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Re: Open Library and RDF

From: Karen Coyle <kcoyle@kcoyle.net>
Date: Mon, 16 Aug 2010 10:53:28 -0700
Message-ID: <20100816105328.hivi830y8gcso0k0@kcoyle.net>
To: Thomas Baker <tbaker@tbaker.de>
Cc: public-lld@w3.org
Quoting Thomas Baker <tbaker@tbaker.de>:

> I'm not convinced that the missing counterpart from the
> modeling world need come to the task with deep knowledge about
> minutiae.

NO, of course not, not the minutiae, but the general principles and  
some of the common vocabulary. Believe me, the minutiae are quite  
minute! So one should understand what "work" means in library terms,  
the principles of authority and authority control, content and  
carrier, and many others. Unfortunately, I don't know of a text that  
lays these all out neatly, but what we can do is keep adding useful  
readings to our wiki page.

> In one corner, catalogers, with a deep understanding of their
> conceptual models, but little or no training in Semantic Web
> modeling per se, little understanding of software development,
> and little budget.  In the other corner, systems people,
> considerably younger in average age and experience, often
> oriented heavily to APIs and to ad-hoc data models for solving
> a problem at hand, likewise with little training in Semantic
> Web modeling, and with little motivation to make extra work
> for themselves by pushing the issue of data interoperability,
> beyond the task at hand, on their own initiative.  I have
> the impression that there are precious few "data modelers"
> (in a Semantic Web sense) involved in the process at all.
> And I'm not getting the sense that the catalogers are
> articulating a strong requirement for interoperability on a
> Semantic Web basis.  Result: requirements are defined for a
> data silo, and programmers deliver a silo.

You left out a corner, and possibly the most important one: the  
library systems market. Libraries do not create software for  
cataloging -- that is provided by library systems, from the ginormous  
(OCLC) to the tiny (PC programs for small libraries). Most libraries  
do not have programmers (some don't even have systems people). The  
libraries that do have programmers tend to be academic and research  
libraries, but even so those programmers do not create or modify the  
cataloging systems. Those systems are supplied by library vendors.  
Those vendors run on a very tight margin (libraries are hardly big  
spenders, and most are having their budgets cut on a yearly basis).  
They will only create systems that can satisfy a large percentage of  
their customers, and therefore the dependence on STANDARDS. (In fact,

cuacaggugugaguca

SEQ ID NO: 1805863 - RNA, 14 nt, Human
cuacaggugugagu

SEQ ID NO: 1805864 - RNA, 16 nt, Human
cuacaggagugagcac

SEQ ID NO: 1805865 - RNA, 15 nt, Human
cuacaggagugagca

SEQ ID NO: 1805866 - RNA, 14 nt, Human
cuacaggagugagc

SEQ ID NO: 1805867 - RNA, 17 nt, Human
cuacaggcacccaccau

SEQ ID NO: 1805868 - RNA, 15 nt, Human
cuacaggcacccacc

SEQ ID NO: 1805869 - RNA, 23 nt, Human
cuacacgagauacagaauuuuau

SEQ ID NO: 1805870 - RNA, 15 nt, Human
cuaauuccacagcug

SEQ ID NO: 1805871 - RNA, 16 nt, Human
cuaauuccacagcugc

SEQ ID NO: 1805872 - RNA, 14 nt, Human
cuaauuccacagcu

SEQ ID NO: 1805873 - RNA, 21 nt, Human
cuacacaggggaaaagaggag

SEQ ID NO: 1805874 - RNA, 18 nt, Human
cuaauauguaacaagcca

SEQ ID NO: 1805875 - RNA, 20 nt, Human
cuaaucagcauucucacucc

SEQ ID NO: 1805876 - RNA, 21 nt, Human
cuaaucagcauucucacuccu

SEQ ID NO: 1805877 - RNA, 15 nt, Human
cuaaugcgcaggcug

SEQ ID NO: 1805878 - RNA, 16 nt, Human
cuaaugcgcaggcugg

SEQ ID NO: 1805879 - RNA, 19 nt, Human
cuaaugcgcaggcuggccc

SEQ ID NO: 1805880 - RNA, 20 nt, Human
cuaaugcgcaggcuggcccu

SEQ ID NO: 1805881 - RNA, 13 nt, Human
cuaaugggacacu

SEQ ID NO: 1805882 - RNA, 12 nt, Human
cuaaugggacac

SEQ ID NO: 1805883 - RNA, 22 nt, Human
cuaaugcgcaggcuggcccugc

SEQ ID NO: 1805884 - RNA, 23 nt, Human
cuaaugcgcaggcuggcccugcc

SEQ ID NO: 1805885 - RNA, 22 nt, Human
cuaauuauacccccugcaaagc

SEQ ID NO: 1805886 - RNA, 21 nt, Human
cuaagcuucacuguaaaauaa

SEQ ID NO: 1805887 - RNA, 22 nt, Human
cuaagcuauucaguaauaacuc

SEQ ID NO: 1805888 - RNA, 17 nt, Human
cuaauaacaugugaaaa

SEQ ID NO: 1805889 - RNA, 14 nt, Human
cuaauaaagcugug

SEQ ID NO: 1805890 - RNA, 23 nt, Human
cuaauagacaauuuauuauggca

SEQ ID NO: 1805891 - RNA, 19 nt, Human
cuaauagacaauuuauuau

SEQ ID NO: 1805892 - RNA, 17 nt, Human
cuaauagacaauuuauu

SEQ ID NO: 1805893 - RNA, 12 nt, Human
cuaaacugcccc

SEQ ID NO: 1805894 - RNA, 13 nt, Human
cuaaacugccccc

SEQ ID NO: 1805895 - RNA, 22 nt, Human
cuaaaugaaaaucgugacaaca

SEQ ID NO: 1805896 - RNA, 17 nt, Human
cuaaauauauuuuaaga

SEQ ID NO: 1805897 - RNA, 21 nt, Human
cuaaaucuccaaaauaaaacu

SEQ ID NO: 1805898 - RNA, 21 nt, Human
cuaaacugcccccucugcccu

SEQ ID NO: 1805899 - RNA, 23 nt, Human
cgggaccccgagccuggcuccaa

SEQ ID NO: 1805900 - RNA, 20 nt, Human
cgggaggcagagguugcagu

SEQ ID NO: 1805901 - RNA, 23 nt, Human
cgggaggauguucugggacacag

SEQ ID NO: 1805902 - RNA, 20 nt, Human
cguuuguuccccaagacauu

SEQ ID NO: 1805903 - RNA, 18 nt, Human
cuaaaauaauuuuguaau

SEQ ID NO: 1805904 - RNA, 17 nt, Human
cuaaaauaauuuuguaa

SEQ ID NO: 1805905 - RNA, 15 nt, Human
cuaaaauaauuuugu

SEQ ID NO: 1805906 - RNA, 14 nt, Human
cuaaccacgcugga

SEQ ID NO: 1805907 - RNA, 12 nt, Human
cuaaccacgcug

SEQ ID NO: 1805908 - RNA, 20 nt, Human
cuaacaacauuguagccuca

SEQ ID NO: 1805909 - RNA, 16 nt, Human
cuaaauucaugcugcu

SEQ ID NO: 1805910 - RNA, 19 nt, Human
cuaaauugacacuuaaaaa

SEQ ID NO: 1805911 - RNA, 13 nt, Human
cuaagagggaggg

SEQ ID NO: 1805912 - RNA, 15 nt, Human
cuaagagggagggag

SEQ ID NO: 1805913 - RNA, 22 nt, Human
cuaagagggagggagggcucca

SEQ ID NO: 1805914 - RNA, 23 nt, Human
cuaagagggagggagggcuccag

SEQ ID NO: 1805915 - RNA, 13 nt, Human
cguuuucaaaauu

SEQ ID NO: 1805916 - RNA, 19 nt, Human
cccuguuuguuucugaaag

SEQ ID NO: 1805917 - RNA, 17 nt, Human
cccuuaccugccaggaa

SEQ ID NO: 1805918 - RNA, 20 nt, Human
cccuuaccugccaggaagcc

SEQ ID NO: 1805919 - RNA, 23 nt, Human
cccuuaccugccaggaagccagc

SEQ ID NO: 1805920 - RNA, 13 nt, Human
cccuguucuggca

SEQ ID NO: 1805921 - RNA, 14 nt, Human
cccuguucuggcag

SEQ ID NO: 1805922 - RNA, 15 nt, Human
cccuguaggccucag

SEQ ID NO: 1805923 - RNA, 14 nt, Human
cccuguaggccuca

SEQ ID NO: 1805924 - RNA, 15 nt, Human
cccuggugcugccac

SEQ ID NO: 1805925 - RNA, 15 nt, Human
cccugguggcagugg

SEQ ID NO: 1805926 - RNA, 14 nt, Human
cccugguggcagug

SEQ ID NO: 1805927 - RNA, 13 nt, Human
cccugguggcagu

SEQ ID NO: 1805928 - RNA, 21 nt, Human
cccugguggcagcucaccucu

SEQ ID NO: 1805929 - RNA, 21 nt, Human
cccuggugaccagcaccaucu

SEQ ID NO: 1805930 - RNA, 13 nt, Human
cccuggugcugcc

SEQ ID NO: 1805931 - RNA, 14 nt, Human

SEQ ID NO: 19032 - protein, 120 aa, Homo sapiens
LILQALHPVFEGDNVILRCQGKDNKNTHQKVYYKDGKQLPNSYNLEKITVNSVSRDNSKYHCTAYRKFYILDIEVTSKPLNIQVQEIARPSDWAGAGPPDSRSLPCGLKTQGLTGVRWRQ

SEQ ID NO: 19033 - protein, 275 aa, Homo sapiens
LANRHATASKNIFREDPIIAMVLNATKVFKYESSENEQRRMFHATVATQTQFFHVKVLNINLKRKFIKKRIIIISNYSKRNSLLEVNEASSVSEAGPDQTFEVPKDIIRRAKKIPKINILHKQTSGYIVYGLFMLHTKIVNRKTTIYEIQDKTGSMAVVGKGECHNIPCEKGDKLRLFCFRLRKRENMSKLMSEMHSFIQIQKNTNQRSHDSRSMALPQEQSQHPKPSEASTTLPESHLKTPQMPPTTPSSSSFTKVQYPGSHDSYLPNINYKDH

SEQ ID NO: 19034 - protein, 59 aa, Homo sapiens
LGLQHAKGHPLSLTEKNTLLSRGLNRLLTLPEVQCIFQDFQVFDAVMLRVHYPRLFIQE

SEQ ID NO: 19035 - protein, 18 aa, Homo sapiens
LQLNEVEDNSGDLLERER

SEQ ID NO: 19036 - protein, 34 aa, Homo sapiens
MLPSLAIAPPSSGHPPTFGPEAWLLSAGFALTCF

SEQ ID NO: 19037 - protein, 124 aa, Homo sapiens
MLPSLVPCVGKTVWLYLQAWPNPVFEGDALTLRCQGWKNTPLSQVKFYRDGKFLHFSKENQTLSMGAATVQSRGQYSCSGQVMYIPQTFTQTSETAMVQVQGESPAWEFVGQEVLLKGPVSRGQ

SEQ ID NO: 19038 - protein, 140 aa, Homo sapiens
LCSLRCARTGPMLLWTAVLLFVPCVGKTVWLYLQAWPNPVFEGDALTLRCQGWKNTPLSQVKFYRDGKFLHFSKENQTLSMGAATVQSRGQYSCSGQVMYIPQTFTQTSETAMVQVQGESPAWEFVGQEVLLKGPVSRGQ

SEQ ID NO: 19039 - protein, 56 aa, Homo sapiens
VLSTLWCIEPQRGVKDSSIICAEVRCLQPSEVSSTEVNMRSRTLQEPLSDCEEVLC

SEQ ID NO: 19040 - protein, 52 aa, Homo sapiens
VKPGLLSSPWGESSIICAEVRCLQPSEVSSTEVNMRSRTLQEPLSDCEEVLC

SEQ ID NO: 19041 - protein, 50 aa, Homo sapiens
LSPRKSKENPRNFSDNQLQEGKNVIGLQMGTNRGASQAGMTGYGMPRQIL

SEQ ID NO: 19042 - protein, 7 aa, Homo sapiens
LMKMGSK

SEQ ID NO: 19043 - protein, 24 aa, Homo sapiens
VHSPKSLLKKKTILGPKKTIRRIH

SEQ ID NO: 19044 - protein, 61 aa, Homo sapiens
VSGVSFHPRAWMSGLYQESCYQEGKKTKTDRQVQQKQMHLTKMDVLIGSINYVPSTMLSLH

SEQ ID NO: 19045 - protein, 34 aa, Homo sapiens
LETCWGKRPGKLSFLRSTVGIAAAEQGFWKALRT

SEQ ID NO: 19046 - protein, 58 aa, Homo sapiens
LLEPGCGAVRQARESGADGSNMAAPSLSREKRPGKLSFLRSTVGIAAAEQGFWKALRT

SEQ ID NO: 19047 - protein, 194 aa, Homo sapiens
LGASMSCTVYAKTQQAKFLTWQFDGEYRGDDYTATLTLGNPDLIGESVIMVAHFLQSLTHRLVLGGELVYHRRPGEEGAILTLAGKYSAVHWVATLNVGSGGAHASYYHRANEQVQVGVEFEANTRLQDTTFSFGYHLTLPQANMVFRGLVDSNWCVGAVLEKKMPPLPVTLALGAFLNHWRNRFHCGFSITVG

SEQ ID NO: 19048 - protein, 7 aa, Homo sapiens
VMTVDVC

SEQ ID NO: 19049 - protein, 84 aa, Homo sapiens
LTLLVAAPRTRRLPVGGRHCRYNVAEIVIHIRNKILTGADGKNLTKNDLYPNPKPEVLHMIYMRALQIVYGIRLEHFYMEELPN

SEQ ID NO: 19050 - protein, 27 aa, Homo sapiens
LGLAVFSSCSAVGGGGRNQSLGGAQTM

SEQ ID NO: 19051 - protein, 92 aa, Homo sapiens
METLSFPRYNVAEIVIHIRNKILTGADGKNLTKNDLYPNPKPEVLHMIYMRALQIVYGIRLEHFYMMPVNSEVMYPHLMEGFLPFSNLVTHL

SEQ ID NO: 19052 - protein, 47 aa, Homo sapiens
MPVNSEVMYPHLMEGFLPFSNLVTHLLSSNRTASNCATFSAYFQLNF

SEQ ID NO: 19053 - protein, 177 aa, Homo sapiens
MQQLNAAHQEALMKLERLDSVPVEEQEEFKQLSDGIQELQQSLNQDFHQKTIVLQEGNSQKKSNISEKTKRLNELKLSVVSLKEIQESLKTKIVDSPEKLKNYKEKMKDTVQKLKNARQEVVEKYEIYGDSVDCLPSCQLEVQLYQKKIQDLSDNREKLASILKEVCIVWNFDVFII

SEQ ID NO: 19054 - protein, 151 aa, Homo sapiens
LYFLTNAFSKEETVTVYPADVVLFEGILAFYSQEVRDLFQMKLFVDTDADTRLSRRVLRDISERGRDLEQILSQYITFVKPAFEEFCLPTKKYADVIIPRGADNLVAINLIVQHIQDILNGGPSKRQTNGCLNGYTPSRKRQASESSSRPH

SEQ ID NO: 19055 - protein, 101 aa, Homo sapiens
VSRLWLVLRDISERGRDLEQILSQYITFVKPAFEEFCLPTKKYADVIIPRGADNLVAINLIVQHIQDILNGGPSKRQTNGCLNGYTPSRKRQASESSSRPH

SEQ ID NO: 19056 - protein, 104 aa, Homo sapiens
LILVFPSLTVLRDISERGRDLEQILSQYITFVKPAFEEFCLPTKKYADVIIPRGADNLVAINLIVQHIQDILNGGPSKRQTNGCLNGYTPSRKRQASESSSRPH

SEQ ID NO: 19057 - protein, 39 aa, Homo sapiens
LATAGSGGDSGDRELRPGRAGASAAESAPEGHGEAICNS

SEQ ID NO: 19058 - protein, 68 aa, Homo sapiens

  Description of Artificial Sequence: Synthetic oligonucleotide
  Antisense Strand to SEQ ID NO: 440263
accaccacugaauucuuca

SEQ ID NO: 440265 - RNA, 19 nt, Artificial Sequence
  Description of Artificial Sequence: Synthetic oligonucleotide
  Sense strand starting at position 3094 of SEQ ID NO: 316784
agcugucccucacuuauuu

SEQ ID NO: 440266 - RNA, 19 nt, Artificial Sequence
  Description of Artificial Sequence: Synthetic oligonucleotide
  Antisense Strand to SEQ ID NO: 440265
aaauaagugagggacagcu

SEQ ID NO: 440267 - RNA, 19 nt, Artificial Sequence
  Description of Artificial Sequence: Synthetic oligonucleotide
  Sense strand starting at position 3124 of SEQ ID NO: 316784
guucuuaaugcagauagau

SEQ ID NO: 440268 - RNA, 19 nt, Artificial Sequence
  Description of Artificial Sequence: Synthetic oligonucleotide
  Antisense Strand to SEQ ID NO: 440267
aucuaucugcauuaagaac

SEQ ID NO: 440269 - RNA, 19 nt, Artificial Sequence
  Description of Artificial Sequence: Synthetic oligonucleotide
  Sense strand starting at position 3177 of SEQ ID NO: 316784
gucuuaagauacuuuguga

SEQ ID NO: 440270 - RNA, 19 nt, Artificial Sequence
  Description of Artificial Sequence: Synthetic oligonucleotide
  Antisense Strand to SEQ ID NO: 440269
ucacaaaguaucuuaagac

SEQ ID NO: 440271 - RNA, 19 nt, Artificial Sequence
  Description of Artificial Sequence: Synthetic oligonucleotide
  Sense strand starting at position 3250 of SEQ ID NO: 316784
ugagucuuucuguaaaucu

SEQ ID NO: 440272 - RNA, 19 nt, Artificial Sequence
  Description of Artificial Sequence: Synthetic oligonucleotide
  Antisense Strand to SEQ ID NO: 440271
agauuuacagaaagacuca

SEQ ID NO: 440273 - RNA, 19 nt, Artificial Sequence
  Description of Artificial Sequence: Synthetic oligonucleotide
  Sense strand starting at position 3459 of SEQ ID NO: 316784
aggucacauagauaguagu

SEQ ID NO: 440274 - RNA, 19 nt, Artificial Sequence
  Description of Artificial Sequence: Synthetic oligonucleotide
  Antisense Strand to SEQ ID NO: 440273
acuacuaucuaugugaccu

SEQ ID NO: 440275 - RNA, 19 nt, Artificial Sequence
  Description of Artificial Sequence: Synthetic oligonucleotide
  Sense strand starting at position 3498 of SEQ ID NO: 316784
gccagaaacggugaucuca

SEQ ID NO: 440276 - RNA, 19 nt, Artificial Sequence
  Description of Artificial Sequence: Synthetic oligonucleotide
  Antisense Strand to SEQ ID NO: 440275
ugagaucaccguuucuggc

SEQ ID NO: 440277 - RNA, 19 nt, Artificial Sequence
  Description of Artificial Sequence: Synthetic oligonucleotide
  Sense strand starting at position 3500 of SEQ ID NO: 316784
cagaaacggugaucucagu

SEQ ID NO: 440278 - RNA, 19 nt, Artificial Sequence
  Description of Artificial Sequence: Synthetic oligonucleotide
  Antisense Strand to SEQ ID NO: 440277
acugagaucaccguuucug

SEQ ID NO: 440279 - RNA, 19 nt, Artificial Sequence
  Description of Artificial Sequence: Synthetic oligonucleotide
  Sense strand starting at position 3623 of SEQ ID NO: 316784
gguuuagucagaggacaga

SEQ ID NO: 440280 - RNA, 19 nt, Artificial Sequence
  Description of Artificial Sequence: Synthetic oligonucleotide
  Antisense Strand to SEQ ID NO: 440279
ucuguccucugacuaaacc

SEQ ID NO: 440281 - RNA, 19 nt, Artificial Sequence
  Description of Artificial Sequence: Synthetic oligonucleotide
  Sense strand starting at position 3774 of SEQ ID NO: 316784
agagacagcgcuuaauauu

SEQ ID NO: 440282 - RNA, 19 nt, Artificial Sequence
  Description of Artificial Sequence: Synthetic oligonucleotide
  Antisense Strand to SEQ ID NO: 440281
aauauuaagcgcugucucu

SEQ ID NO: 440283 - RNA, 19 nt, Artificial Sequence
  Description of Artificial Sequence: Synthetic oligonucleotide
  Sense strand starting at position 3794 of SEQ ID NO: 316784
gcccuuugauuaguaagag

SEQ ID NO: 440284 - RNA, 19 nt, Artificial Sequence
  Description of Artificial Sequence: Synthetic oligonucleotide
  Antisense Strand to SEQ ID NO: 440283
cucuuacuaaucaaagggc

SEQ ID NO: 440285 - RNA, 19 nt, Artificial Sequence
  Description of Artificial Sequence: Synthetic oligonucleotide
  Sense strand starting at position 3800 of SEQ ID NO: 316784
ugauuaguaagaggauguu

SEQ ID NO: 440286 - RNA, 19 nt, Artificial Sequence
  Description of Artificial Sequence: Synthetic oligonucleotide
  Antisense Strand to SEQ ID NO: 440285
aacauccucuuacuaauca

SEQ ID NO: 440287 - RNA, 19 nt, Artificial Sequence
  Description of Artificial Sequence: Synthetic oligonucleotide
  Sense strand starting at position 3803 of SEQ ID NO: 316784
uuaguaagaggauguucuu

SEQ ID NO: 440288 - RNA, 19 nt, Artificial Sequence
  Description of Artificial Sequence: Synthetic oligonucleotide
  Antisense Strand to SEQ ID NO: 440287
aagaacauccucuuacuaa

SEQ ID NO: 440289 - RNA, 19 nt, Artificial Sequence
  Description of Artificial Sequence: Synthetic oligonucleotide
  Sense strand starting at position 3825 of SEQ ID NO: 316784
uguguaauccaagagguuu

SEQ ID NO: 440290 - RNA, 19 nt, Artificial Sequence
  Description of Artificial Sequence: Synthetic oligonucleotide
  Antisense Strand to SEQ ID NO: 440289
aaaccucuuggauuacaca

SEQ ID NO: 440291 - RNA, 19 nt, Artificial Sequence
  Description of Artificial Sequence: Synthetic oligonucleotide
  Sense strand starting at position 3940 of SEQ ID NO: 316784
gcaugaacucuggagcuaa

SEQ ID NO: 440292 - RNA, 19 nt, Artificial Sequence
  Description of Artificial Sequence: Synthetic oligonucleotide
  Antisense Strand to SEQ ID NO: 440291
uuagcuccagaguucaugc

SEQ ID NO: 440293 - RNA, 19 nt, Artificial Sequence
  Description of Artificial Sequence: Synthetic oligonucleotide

some countries are at this moment moving to MARC as their data  
standard because it allows them to purchase systems more easily, this  
being the predominant standard.) So, even should library catalogers  
and library systems thinkers come to an agreement about new  
directions, the actual implementation needs to involve the systems  
providers. These latter have to mind their bottom line and are not  
particularly interested in experimentation. They also have a large  
installed base that does not have the $$ to upgrade in a timely  
manner. (Every ten years or so is A LOT for significant changes, and  
some poorer libraries hang on to their system versions for even  
longer.) So the whole network of library metadata has some heavy  
built-in enertia. Systems vendors will not make a move until they have  
some assurance of return on investment.

Some of us have talked about a possible workflow that would allow  
libraries to at least experiment with linked data in the near future.  
We have to assume that for some time libraries will continue to create  
MARC (or MARC-like) data, and that their systems will only be able to  
import and export such data. Thus you see the approach taken by XC  
(http://extensiblecatalog.org) of managing data outside of the library  
system. That only takes us so far, however, because MARC lacks much of  
what is needed for linked data (identifiers, predicates, etc.). So we  
need another step that serves to enhance the data so that we can apply  
LD principles and functionality. The next step would be to provide  
ways to easily share these enhancements as widely and openly as  
possible, so that libraries can begin to reap some of the benefits of  
linked data.

One possible scenario then for the mid-to-long-term would be that we  
find a way to keep library systems stable (since they are needed to  
manage the libraries) by re-defining library metadata into management  
data and discovery data. This is just a vague idea in my mind at the  
moment and may be entirely untenable, but it is probably worth  
thinking through.


> Discuss... :-)
> Tom
> --
> Thomas Baker <tbaker@tbaker.de>

Karen Coyle
kcoyle@kcoyle.net http://kcoyle.net
ph: 1-510-540-7596
m: 1-510-435-8234
skype: kcoylenet
Received on Monday, 16 August 2010 17:54:02 UTC

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